Daylight Saving Time Extension Was Part Of Energy, Tax Package: Was It Worth It? – Forbes

If it feels like Daylight Savings Time (DST) was creeping up on you again this year, you’re right. Daylight Saving Time has been making an appearance earlier in the year over the past decade – but it’s a trend that we’ve been seeing for the last fifty years.

Prior to 1966, laws setting dates for Daylight Saving Time were somewhat fluid. The United States adopted an official DST during World War I but the unpopular law was removed soon afterwards. It continued to be observed sporadically in some states until World War II, when President Franklin D. Roosevelt again signed temporary DST into law. As before, the unpopular law didn’t continue after the war.

That all changed in 1966, when President Lyndon Johnson signed a bill into law calling for Daylight Saving Time to begin on the last Sunday of April and end on the last Sunday of October each year. The dates were tweaked again, twenty years later, under Ronald Reagan who amended DST to begin at 2 a.m. on the first Sunday of April and end at 2 a.m. on the last Sunday of October. Just about twenty years later (notice a trend?), President Bush signed into law a new energy policy…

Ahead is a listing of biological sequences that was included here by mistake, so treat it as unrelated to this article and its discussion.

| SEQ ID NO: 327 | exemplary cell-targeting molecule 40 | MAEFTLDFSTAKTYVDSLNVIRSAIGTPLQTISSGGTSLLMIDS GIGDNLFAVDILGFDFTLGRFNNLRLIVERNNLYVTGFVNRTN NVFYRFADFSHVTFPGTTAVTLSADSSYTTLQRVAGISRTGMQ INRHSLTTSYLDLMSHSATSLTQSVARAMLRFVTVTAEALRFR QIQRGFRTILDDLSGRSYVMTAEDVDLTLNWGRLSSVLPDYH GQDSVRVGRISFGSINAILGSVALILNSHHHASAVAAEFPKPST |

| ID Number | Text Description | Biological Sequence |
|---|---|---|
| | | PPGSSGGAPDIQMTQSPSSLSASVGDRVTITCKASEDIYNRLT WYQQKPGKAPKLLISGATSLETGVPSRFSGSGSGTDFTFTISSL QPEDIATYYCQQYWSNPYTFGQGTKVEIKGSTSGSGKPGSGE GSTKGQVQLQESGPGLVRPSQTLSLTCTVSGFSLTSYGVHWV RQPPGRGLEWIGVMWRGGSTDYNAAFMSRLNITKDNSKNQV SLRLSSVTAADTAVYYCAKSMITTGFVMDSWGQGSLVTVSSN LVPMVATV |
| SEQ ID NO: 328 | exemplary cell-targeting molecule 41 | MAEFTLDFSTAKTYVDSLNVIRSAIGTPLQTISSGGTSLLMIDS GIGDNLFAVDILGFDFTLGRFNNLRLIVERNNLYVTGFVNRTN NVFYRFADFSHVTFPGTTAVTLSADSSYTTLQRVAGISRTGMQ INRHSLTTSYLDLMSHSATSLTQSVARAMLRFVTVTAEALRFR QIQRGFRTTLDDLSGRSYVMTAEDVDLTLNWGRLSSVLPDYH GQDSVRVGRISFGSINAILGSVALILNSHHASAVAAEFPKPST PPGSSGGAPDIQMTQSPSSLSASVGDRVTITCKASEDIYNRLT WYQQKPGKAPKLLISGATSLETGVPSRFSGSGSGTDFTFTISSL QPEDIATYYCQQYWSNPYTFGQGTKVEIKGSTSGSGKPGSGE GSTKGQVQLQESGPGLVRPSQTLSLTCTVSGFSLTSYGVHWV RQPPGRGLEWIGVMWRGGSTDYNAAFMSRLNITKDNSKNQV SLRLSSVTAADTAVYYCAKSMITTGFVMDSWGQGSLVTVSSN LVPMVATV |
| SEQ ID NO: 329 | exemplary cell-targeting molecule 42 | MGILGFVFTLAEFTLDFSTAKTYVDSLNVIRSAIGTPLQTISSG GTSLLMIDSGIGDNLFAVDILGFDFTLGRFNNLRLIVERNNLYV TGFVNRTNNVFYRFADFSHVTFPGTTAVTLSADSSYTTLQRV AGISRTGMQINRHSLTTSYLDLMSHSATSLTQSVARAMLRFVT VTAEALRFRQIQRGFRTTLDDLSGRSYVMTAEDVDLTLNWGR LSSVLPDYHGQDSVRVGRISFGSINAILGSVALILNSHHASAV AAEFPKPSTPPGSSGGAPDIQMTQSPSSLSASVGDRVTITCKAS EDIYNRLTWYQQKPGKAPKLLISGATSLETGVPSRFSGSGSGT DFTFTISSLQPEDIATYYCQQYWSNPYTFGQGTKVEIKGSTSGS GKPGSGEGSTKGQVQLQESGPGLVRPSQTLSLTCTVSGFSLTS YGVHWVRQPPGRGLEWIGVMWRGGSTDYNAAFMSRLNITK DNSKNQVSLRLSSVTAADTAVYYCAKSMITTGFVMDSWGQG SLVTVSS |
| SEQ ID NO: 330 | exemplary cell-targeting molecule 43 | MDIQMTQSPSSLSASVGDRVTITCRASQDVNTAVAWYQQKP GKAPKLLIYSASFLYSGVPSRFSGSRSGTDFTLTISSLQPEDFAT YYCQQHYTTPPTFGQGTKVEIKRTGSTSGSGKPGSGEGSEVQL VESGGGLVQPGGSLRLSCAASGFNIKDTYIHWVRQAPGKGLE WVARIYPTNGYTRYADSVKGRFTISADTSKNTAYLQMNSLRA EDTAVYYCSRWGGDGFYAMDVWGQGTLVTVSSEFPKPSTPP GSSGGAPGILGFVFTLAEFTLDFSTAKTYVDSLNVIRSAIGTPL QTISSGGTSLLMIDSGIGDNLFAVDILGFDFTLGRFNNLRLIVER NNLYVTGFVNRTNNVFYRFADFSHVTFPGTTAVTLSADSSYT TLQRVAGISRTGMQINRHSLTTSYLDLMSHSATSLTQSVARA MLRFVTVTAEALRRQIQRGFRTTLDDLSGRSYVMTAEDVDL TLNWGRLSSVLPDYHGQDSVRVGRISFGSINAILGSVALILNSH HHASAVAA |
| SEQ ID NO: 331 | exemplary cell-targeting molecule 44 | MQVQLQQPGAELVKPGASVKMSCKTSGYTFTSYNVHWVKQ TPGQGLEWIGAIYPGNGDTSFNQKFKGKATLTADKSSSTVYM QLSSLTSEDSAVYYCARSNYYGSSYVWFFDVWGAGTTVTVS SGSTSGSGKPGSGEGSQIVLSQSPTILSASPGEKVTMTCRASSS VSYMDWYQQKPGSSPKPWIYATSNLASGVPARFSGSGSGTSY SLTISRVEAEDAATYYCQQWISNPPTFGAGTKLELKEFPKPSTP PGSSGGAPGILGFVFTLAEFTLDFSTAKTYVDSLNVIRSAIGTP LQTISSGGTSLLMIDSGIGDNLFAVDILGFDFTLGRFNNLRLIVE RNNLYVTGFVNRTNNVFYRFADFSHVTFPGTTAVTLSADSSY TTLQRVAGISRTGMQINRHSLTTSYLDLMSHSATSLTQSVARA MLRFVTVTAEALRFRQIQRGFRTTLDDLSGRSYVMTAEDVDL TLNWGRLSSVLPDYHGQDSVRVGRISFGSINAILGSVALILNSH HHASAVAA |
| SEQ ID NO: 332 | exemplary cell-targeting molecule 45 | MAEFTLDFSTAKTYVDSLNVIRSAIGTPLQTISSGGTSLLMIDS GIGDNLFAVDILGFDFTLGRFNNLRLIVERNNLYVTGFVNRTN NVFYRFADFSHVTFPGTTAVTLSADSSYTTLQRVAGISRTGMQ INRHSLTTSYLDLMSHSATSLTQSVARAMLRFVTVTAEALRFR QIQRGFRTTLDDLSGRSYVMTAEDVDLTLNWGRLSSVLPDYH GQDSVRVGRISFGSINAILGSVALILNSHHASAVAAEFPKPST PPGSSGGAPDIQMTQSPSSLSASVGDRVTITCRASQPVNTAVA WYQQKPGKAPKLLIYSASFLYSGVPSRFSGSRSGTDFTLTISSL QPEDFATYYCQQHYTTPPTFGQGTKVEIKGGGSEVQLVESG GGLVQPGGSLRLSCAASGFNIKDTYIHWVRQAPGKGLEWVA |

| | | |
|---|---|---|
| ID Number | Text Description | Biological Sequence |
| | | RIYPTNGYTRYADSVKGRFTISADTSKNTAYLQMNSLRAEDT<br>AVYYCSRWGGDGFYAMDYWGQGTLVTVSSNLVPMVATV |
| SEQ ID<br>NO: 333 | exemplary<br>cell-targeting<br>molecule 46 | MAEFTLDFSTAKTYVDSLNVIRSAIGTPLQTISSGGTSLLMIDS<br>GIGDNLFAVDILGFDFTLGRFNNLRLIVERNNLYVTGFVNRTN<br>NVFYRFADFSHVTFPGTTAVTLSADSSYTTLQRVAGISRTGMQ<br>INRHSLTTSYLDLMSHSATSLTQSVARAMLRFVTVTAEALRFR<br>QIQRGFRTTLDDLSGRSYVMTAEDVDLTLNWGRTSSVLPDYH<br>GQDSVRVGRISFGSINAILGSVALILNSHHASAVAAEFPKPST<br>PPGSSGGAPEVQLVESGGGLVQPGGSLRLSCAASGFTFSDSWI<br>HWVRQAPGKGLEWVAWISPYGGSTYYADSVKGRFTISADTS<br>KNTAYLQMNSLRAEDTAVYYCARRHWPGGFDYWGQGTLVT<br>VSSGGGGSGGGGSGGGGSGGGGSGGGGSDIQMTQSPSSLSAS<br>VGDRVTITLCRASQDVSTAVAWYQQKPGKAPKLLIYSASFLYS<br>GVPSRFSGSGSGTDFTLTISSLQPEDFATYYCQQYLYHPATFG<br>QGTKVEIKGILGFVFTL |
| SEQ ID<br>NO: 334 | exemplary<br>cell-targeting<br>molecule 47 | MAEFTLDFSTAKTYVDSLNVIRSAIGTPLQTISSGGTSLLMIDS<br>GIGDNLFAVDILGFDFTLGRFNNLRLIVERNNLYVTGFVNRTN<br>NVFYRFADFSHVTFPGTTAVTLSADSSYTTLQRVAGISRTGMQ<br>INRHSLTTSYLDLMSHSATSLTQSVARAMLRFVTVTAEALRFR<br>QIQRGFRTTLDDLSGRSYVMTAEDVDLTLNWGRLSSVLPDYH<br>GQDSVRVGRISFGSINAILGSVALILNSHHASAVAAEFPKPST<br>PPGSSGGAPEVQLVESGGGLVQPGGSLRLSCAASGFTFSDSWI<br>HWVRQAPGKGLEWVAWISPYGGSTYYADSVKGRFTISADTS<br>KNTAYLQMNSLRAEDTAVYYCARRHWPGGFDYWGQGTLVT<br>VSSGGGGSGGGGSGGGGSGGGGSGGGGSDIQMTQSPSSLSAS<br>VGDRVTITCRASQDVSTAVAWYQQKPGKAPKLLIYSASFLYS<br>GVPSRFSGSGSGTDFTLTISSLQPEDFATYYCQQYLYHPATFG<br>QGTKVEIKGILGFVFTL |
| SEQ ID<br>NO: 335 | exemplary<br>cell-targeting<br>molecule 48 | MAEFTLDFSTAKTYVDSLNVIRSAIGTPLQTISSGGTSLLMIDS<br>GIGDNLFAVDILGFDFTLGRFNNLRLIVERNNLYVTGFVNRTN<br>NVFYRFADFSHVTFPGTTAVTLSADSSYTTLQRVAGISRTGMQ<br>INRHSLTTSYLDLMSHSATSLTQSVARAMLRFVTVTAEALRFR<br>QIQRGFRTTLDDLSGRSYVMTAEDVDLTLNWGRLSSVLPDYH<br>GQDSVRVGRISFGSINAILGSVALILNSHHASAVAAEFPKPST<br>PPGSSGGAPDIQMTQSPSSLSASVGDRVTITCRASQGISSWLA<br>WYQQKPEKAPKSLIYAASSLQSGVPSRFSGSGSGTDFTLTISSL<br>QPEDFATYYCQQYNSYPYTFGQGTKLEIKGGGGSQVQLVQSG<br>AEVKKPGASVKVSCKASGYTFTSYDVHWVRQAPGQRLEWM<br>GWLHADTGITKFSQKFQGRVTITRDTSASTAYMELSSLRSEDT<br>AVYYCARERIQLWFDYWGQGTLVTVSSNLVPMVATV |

read more via Daylight Saving Time Extension Was Part Of Energy, Tax Package: Was It Worth It? – Forbes.

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